Why have a Classics Library in 21st Century America?
Quod nemo novit paene non fit -- What no one knows almost does not happen
Apuleius, Transformations 10.3
The short answer is: THE PRESENT IS A PRODUCT OF THE PAST.
Learning about classical antiquity matters as the arts and sciences and our laws and political institutions are grounded in the civilizations of the Near East and ancient Egypt, and especially in those of ancient Greece and Rome. As we live in a time of not only seemingly growing ignorance of the past but also deliberate distortion and appropriation, forged through social media and political forces, being informed and willing to dig deep have rarely seemed more urgent. Knowing about and understanding our past help us realize connections, recognize fact from fiction, and find solutions to contemporary challenges.
Did you know that:
- 60% of English words originate in Latin and another 5% in ancient Greek;
- knowing these languages will help you understand and learn virtually all modern western languages, including English, not only their vocabulary but also their grammar and syntax;
- knowing Greek and Latin is especially helpful to science, medical, and law students since much terminology in those fields comes from Greek and Latin;
- knowing Greek and Latin increases your chances to do well on the SAT and GRE exams;
- the Founding Fathers did not only know Greek and Latin, but also borrowed many of their ideas from ancient Athenian democracy and its political institutions. The concept of Civil Rights has its origin in Athenian democracy. Even though slavery was a fact, it was not based on race (racism was not a phenomenon in antiquity), but on prisoners of war and slaves could be freed or purchase their own freedom and subsequently attain equal rights to freeborn citizens;
- architects modeled the White House and the Capitol and many other buildings throughout America and Europe after Greek and Roman temples and other ancient architecture;
- European medieval and Renaissance and American neoclassical art imitated classical art;
- bridges and aqueducts and other structural engineering accomplishments come from the ancient Romans;
- many principles of mathematics are derived from ancient scientists like Pythagoras, Archimedes, Hypatia, and medicine from Hippocrates and Galen, cartography from individuals like Ptolemy, philosophy and natural science from Greeks like Thales, Parmenides, Heracleitus, Democritus, Anaximenes, Anaximander, Empedocles, Plato, and Aristotle;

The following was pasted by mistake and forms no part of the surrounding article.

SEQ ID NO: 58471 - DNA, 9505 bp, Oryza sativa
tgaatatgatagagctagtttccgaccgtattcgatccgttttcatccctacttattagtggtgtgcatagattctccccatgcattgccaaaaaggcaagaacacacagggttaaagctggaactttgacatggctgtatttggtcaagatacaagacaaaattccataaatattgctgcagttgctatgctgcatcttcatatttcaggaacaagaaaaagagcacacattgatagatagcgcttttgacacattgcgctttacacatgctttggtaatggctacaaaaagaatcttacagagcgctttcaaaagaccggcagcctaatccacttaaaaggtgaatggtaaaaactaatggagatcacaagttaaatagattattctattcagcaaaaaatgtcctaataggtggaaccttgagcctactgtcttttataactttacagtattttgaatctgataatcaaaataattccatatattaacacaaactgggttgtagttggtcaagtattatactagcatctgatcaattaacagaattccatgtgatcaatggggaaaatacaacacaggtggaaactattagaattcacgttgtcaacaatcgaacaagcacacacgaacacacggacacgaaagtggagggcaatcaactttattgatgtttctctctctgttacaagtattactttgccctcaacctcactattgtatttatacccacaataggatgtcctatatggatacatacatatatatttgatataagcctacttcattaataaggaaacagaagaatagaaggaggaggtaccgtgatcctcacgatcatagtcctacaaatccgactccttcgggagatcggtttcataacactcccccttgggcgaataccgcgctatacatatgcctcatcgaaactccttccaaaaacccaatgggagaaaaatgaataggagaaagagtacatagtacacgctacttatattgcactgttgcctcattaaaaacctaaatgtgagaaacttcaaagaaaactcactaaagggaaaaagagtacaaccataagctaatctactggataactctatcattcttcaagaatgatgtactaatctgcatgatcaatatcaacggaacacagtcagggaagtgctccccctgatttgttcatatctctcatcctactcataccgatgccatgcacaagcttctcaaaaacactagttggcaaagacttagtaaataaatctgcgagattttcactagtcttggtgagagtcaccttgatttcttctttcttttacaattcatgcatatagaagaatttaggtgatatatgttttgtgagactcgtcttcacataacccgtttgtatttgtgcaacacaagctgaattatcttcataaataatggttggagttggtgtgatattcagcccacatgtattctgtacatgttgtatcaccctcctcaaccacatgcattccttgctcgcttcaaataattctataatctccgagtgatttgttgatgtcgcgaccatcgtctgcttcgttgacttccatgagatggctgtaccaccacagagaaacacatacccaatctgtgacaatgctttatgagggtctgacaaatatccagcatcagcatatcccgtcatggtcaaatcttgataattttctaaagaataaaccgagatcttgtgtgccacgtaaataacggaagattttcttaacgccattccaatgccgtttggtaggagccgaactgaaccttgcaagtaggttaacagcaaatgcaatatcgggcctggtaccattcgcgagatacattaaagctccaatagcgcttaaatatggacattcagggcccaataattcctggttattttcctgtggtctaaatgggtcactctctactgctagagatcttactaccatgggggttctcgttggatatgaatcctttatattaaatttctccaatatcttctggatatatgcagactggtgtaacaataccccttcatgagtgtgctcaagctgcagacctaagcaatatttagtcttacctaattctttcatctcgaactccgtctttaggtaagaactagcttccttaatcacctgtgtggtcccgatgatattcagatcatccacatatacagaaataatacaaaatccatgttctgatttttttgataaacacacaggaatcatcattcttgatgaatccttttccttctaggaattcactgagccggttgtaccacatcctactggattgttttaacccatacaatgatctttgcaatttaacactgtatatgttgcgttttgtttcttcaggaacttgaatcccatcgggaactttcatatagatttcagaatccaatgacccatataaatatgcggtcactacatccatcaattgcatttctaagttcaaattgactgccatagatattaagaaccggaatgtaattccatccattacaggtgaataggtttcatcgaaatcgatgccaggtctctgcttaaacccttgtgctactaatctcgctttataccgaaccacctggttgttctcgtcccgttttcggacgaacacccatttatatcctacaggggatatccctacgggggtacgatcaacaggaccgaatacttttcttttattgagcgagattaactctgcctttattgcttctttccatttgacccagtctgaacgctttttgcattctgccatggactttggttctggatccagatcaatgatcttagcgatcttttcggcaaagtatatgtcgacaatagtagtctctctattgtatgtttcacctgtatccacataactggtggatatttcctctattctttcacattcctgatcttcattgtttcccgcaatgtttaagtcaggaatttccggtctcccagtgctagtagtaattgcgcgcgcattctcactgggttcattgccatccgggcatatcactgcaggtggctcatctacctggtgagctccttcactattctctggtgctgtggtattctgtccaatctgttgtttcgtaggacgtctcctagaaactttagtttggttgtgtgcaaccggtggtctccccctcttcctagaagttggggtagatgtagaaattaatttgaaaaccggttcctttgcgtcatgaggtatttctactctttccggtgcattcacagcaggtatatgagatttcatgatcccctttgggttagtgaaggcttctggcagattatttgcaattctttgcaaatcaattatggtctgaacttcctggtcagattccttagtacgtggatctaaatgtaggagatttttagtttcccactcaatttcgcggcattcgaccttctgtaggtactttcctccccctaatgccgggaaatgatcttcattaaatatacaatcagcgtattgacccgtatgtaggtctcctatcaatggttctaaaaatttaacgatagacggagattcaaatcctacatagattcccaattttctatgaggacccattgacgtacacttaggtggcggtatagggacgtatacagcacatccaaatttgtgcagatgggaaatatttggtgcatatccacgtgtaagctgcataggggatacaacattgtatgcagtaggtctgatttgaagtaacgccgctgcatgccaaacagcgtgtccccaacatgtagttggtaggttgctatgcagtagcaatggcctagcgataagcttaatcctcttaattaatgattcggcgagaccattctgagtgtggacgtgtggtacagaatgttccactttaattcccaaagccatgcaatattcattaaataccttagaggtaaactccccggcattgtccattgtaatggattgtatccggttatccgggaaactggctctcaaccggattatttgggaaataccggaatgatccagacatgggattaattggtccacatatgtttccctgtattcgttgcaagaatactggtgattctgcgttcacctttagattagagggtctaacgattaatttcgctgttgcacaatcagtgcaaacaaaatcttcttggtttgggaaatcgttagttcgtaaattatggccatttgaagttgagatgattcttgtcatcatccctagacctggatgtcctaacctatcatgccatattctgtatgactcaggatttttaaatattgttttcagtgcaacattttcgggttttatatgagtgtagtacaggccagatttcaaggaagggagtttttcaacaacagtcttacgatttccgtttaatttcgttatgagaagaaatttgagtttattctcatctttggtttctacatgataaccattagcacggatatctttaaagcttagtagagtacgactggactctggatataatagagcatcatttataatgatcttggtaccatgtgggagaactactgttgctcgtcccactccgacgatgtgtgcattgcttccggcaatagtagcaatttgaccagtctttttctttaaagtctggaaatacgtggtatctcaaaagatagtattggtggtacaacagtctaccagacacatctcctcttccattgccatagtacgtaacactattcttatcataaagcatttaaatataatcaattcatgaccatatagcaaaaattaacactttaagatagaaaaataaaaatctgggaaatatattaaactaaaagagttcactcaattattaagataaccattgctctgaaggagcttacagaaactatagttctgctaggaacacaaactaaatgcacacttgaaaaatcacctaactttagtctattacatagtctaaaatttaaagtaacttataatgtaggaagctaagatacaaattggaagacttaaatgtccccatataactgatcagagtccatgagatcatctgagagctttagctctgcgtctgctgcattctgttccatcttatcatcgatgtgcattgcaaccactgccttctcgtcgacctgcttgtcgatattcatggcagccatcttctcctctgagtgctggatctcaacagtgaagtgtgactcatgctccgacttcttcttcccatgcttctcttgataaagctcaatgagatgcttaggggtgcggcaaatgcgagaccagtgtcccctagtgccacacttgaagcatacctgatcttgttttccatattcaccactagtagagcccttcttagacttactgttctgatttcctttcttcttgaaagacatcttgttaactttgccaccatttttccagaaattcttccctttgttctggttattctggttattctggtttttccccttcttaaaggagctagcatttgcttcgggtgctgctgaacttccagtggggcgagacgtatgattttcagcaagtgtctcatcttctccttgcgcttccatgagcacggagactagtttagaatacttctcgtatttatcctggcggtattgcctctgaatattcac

- theater, musical, opera, and operetta developed from Greek drama and playwrights like Aeschylus, Sophocles, Euripides, Aristophanes, and Roman Plautus;
- lyric poetry originated in ancient Greece with poets like Sappho, Corinna, and Pindar;
- many instruments such as the flute, oboe, guitar, and harp have their origin in antiquity;
- the Olympic Games and many of its sports originated in ancient Greece;
- modern law is rooted in Roman law;
- the women's rights movement has taken much inspiration from classical antiquity where the status of women was far from monolithic. Women in Sparta and parts of Asia Minor seemingly had equal rights to men. Athenian women did not have the right to vote, but had leading roles in the area of religion. Pythagoras and Socrates had several female followers and some of the most famous poets were women. In plays like Medea, Antigone, Hecuba, and Lysistrata women are the strong protagonists and express views that even today may seem radical. BTW, the latter play, Lysistrata, has also been a source of inspiration for the peace movement throughout many generations and globally;
- the animal rights movement has many roots in classical antiquity whether in the high status of animals in ancient Egypt or in Pythagorean and Orphic movements or in the writings of later thinkers such as Plutarch, Theophrastes, and Porphyry.
A visit to the Classics Library, to browse the collections and read the books may transform your understanding of the present and at the same time enrich your life in countless ways.
UC classics professors Daniel Marković and Kathryn Gutzwiller and graduate students Carina Moss and Simone Agrimonti examine a manuscript facsimile of Roman poet and philosopher Lucretius' work On the Nature of Things in the new John Miller Burnam Palaeography Reading Room ("the Scriptorium").